Functional analysis of the true pelvis (defined as that portion lying below and including the pelvic brim) was undertaken on a sample of 36 females from the Medieval site of Kulubnarti in Sudanese Nubia. Standard obstetric measurements were taken and compared to four additional prehistoric skeletal samples and to modern American standards for the same obstetric dimensions. Relative to the other prehistoric populations, the Kulubnarti pelves are smaller in most dimensions and, when compared to modern American standards, from one-third to one-half would be diagnosed as contracted in one or more planes.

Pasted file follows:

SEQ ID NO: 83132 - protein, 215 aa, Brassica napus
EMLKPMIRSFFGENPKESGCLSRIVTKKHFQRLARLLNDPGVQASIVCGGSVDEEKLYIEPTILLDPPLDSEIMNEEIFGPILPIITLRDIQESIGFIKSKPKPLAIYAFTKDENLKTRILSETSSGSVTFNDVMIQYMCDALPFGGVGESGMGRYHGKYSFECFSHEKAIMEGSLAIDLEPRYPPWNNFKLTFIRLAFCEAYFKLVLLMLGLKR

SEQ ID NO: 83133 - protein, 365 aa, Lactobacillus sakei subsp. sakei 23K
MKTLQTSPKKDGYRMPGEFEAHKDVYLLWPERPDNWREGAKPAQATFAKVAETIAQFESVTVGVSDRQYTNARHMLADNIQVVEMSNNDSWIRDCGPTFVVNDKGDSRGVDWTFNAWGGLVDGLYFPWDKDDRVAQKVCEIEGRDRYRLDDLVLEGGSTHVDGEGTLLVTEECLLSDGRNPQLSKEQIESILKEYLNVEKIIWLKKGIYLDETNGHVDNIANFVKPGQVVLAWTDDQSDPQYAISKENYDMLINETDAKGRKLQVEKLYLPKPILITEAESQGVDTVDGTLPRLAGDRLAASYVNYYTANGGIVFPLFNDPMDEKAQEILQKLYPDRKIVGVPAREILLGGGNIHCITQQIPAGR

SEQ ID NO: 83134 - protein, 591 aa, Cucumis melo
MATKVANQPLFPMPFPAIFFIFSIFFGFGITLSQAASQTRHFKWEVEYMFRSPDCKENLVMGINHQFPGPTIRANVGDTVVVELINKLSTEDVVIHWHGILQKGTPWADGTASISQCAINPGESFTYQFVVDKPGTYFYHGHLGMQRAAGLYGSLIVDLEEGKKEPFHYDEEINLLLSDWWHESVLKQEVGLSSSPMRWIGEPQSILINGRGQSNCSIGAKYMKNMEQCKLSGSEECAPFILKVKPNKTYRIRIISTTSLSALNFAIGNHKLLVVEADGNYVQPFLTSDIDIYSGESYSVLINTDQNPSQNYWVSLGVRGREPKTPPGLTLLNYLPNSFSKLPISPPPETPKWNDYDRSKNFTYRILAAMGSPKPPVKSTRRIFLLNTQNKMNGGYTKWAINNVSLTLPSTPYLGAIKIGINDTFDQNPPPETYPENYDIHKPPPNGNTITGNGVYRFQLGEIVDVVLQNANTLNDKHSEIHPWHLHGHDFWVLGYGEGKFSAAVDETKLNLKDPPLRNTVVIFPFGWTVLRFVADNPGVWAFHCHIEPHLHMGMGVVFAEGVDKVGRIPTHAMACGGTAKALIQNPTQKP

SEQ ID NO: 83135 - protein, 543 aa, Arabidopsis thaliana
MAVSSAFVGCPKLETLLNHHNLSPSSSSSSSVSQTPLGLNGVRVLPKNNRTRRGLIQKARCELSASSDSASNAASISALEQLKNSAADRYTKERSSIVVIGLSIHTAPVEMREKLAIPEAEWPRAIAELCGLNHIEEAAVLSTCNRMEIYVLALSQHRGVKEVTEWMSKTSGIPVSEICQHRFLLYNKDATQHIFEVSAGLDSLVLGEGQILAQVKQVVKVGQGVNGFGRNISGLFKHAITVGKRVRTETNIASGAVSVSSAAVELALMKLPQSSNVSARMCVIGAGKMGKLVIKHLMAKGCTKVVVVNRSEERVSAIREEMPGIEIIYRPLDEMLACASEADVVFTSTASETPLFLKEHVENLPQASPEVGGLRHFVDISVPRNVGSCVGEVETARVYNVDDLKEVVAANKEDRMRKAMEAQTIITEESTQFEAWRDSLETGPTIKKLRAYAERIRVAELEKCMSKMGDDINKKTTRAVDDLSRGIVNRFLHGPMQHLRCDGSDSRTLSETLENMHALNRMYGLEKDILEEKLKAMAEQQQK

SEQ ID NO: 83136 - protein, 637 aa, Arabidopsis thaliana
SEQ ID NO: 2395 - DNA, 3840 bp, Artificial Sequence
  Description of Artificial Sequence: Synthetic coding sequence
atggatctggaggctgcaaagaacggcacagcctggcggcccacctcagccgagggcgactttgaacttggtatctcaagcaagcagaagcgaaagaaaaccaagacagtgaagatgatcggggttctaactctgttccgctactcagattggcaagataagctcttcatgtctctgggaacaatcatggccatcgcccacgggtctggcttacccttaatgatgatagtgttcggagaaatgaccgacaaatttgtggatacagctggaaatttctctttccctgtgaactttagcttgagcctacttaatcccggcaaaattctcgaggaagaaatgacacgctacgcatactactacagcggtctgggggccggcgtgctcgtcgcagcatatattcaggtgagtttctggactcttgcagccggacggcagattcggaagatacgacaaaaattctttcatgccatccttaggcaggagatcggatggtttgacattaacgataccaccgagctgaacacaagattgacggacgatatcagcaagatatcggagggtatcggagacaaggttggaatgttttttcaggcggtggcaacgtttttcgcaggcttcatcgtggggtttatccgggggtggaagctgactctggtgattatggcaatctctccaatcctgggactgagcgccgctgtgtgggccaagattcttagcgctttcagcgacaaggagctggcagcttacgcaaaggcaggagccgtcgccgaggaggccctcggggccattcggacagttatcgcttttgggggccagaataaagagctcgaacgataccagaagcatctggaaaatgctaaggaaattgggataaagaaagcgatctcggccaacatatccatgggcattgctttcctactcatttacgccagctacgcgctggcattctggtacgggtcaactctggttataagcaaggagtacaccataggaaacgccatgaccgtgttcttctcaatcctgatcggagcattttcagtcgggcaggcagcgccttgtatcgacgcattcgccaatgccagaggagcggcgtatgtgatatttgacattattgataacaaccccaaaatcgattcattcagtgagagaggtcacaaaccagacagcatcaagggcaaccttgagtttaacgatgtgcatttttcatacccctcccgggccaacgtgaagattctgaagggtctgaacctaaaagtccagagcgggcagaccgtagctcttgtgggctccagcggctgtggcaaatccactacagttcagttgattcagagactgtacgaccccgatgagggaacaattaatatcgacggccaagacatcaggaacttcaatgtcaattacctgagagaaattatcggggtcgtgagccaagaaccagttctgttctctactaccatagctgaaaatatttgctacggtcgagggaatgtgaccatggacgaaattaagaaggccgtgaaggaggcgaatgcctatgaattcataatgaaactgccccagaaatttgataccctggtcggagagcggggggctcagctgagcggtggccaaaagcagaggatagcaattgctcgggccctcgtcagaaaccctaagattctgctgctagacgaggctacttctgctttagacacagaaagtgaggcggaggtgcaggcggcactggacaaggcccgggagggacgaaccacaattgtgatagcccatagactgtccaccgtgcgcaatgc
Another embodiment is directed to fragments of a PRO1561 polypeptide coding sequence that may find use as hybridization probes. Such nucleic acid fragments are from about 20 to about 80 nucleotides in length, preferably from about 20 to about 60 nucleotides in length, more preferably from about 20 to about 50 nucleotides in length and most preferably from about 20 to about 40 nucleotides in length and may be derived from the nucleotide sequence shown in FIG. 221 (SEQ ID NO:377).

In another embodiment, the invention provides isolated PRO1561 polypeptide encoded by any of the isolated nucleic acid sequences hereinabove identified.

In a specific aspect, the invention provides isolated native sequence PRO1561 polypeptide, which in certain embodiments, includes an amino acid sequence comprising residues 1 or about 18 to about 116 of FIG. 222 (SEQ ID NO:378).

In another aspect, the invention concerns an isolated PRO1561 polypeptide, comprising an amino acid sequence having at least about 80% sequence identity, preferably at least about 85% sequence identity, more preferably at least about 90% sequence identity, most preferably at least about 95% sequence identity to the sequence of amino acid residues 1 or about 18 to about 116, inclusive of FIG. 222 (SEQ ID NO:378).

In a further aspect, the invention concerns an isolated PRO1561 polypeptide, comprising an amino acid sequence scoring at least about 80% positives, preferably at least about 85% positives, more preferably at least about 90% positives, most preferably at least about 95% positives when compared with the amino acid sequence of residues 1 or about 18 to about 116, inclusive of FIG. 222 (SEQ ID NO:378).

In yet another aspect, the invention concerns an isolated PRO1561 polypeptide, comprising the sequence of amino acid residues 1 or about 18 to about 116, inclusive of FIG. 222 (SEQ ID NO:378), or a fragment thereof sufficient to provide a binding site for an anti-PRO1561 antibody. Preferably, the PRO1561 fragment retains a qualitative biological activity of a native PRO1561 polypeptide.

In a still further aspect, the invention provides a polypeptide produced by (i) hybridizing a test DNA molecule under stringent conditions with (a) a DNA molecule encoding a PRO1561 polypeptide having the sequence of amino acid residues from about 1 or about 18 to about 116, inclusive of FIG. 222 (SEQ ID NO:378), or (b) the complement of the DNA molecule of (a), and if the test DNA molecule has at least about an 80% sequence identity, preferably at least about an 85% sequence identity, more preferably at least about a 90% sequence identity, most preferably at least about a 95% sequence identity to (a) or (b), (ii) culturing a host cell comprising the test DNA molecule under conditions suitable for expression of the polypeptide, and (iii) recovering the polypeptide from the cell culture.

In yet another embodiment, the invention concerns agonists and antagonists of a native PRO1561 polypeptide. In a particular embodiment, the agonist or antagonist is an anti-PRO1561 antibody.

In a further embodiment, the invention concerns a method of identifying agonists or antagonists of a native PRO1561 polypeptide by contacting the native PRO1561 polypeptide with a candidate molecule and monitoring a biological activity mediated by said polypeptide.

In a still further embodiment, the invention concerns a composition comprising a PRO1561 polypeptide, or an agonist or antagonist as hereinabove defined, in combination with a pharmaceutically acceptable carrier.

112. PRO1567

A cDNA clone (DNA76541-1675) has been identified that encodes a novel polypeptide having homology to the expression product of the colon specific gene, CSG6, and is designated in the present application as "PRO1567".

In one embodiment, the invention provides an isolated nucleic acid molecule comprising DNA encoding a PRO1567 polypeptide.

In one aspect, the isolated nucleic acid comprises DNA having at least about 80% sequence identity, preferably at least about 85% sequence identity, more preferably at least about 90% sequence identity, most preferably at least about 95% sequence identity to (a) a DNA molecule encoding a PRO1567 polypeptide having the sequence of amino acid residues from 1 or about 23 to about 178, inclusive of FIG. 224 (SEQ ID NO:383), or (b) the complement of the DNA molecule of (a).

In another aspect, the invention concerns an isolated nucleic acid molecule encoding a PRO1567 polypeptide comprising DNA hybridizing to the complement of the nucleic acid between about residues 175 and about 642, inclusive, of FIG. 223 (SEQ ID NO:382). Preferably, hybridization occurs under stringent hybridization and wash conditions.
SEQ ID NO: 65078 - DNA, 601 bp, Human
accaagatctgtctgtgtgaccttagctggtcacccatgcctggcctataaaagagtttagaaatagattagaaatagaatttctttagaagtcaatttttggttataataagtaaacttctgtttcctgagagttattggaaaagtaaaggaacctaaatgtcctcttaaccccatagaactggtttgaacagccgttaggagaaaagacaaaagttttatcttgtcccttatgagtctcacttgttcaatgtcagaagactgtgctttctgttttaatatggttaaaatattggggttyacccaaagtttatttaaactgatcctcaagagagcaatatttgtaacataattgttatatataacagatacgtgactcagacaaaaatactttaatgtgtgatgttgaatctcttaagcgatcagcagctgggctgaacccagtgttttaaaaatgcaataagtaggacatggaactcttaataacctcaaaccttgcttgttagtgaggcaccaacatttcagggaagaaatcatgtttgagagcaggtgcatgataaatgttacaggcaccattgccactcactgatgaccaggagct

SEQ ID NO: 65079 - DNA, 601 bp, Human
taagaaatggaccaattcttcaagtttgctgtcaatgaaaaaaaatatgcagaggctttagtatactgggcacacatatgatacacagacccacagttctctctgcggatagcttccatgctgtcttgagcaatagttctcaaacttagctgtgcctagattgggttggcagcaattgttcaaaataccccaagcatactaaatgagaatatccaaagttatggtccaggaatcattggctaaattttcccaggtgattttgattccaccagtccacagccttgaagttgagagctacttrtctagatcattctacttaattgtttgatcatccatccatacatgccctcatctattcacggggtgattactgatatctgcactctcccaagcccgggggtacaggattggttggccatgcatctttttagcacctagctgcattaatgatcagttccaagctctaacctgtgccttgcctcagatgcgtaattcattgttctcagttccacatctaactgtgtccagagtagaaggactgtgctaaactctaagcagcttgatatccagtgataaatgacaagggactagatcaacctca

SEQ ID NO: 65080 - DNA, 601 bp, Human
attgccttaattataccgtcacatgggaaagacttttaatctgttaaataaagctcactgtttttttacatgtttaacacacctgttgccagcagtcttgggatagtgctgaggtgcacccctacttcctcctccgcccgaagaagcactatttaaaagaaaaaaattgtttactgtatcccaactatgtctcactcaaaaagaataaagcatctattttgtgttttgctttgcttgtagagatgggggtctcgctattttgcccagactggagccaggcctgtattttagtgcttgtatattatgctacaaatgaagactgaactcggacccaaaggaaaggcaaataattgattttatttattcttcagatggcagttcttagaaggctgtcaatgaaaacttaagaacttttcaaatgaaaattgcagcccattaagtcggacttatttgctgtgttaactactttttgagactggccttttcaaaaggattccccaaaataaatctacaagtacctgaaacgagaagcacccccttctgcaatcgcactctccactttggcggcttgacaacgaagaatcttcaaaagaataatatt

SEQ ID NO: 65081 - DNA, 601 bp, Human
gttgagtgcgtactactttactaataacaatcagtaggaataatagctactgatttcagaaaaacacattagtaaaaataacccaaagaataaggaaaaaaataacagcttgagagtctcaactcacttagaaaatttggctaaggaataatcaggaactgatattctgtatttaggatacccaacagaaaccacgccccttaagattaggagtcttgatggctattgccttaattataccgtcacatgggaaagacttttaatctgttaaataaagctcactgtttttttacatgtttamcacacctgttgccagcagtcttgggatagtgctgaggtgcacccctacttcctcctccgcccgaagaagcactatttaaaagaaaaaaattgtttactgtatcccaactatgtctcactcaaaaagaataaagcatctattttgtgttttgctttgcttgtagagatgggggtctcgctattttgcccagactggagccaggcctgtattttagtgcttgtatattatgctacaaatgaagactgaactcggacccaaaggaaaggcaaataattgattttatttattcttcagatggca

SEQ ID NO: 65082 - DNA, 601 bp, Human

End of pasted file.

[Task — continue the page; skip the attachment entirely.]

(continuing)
Given the meager, fluctuating resources of these Medieval Nubians' harsh desert environment, pelvic size reduction is a likely result of body size reduction as one biological response to nutritional stress (Mittler and Van Gerven, 1989; Moore et al., 1986; Van Gerven et al., 1981). It is argued, however, that size reduction created a high potential for either maternal-neonatal morbidity and mortality due to fetopelvic disproportion or neonatal loss due to low birth weight. In either case, it is suggested that the Kulubnarti population paid a significant biological price for this aspect of size reduction. © 1992 Wiley-Liss, Inc.